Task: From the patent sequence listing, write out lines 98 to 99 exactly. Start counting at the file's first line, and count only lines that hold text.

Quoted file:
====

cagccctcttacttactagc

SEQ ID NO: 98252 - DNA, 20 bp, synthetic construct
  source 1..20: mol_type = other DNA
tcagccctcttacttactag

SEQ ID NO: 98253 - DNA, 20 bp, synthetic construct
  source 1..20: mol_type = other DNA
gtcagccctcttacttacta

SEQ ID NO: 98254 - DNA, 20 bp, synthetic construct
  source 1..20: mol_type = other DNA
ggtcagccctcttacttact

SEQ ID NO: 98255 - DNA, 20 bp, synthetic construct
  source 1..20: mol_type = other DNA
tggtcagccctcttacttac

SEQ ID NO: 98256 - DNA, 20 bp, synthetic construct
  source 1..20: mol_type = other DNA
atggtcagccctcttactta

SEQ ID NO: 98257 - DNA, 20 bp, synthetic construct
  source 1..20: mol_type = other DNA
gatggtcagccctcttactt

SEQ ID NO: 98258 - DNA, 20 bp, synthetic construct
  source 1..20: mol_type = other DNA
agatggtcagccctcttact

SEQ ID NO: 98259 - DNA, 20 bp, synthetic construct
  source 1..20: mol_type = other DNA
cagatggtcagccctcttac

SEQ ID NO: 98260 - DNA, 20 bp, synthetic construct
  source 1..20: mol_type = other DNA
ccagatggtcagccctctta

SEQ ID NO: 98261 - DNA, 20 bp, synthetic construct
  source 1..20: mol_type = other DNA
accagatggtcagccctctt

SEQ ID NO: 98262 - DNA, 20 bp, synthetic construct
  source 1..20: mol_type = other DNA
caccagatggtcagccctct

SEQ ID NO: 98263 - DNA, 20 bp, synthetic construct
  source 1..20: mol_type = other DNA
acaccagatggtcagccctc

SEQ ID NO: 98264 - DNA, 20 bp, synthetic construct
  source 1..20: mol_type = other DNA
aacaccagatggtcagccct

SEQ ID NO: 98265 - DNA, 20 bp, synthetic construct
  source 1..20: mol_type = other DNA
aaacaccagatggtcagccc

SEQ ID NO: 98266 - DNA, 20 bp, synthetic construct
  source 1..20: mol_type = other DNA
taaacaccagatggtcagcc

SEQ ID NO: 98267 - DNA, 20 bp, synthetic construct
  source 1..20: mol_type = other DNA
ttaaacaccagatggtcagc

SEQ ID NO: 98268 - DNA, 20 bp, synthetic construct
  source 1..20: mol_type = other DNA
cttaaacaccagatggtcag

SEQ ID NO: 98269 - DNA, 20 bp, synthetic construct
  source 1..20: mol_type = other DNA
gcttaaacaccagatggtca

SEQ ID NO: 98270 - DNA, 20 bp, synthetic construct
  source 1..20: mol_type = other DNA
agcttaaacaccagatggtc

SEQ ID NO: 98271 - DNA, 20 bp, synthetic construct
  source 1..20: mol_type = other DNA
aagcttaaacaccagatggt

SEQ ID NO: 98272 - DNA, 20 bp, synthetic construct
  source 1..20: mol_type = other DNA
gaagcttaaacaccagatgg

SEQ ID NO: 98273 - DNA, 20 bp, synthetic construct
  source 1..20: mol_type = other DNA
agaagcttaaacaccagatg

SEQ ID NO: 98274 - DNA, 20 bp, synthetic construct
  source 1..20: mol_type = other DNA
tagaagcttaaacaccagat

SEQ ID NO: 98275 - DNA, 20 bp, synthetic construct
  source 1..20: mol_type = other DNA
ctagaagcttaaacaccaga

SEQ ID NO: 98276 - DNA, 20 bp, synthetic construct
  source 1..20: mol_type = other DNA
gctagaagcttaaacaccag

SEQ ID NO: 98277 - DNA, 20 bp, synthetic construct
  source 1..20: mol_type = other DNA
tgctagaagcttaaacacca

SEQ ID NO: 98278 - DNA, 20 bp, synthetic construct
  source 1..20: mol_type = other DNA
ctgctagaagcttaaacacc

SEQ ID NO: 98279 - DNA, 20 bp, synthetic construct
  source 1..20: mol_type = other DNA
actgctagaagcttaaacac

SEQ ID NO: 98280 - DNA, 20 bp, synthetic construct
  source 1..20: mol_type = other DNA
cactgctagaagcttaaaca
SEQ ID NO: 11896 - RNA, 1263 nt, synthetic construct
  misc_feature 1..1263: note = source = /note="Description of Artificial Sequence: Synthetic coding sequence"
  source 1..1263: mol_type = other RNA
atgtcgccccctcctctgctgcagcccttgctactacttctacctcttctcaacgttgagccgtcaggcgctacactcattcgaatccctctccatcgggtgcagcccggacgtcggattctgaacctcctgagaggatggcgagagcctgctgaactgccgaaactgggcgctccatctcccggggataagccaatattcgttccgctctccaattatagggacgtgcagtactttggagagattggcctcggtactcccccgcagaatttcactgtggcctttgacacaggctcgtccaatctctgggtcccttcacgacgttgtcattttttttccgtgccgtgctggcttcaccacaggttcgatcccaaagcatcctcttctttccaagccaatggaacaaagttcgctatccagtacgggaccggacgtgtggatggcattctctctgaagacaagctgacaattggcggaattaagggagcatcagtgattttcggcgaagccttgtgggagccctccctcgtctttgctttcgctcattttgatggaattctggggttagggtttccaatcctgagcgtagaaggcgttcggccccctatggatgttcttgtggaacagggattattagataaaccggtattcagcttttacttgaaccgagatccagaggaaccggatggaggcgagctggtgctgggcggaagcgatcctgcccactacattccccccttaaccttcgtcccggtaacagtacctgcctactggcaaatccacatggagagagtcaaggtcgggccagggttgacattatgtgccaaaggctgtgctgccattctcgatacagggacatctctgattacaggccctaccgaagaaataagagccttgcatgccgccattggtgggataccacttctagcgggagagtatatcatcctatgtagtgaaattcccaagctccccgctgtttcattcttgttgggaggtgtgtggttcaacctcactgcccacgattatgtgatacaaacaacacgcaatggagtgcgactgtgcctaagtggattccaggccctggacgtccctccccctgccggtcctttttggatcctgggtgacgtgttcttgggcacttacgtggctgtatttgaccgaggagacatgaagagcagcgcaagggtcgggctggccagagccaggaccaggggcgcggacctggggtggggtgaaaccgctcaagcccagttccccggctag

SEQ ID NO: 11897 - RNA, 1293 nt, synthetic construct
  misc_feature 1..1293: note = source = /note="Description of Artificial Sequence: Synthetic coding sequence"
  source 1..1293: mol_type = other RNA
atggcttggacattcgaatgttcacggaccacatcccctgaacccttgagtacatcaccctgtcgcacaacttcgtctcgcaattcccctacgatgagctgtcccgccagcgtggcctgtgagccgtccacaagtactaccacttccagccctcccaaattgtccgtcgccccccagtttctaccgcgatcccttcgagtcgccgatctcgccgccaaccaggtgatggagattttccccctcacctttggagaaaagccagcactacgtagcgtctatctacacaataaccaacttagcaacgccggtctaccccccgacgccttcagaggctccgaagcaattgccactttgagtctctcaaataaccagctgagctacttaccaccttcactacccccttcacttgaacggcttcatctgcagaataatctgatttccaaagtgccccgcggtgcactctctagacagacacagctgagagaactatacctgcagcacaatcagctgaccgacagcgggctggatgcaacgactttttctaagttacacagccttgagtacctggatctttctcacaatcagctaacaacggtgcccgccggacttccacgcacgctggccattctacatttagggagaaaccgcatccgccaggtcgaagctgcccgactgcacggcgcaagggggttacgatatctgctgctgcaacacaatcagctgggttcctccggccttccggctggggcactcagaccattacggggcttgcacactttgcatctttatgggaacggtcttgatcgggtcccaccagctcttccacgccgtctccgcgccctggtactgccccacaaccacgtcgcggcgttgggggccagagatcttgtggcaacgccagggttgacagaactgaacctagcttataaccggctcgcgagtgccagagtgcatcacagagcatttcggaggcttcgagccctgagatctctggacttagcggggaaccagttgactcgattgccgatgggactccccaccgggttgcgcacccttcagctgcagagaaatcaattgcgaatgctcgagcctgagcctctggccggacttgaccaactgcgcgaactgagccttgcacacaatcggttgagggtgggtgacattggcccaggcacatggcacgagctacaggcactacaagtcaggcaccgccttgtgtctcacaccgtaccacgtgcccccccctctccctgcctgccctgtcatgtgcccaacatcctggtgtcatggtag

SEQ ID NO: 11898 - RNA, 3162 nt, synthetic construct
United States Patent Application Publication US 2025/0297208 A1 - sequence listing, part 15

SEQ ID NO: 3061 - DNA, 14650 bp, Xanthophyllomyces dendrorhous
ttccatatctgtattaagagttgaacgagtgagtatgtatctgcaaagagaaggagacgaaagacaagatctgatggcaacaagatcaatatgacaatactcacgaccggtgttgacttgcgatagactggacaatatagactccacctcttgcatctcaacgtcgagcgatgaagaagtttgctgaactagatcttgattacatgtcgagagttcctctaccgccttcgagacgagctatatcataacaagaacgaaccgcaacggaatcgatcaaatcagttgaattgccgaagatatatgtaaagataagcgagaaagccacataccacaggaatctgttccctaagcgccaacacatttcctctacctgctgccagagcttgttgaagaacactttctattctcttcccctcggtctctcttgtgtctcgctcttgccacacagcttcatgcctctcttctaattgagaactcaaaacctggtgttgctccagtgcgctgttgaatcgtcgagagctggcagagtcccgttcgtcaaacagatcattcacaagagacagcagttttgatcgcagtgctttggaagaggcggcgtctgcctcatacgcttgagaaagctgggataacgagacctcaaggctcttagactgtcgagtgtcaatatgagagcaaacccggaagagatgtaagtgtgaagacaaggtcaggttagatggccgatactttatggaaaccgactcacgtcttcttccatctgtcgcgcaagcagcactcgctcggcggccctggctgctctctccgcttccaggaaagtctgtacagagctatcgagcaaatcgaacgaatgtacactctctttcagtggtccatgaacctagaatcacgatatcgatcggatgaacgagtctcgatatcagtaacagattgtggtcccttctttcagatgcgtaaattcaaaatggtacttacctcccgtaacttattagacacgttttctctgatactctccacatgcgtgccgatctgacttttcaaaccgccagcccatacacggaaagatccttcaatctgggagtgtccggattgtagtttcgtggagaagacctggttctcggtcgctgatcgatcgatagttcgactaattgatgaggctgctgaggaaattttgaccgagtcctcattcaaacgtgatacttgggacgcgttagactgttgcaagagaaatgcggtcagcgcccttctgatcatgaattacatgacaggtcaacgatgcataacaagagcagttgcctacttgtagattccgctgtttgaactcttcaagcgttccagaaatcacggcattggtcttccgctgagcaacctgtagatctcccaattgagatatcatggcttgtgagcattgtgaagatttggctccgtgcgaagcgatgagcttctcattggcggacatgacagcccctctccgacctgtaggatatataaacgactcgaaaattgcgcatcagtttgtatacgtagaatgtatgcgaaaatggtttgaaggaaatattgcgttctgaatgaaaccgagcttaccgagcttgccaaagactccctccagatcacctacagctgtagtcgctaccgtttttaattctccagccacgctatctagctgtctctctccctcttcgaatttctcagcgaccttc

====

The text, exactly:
United States Patent Application Publication US 2025/0297208 A1 - sequence listing, part 15

SEQ ID NO: 3061 - DNA, 14650 bp, Xanthophyllomyces dendrorhous